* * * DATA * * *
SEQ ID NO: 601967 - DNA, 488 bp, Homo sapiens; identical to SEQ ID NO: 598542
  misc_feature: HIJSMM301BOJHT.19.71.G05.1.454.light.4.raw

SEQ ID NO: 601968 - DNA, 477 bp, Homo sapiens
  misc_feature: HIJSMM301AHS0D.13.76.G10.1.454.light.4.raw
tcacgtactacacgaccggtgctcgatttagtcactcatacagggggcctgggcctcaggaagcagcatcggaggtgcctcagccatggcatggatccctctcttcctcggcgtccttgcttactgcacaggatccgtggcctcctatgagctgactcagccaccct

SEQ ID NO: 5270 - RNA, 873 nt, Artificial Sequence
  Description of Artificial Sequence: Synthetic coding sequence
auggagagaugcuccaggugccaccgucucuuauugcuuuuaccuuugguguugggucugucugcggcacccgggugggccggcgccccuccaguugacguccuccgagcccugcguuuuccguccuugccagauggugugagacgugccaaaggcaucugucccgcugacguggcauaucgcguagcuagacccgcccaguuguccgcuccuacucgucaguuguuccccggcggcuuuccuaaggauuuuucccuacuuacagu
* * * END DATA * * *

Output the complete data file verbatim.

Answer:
SEQ ID NO: 601967 - DNA, 488 bp, Homo sapiens; identical to SEQ ID NO: 598542
  misc_feature: HIJSMM301BOJHT.19.71.G05.1.454.light.4.raw

SEQ ID NO: 601968 - DNA, 477 bp, Homo sapiens
  misc_feature: HIJSMM301AHS0D.13.76.G10.1.454.light.4.raw
tcacgtactacacgaccggtgctcgatttagtcactcatacagggggcctgggcctcaggaagcagcatcggaggtgcctcagccatggcatggatccctctcttcctcggcgtccttgcttactgcacaggatccgtggcctcctatgagctgactcagccaccct

SEQ ID NO: 5270 - RNA, 873 nt, Artificial Sequence
  Description of Artificial Sequence: Synthetic coding sequence
auggagagaugcuccaggugccaccgucucuuauugcuuuuaccuuugguguugggucugucugcggcacccgggugggccggcgccccuccaguugacguccuccgagcccugcguuuuccguccuugccagauggugugagacgugccaaaggcaucugucccgcugacguggcauaucgcguagcuagacccgcccaguuguccgcuccuacucgucaguuguuccccggcggcuuuccuaaggauuuuucccuacuuacagu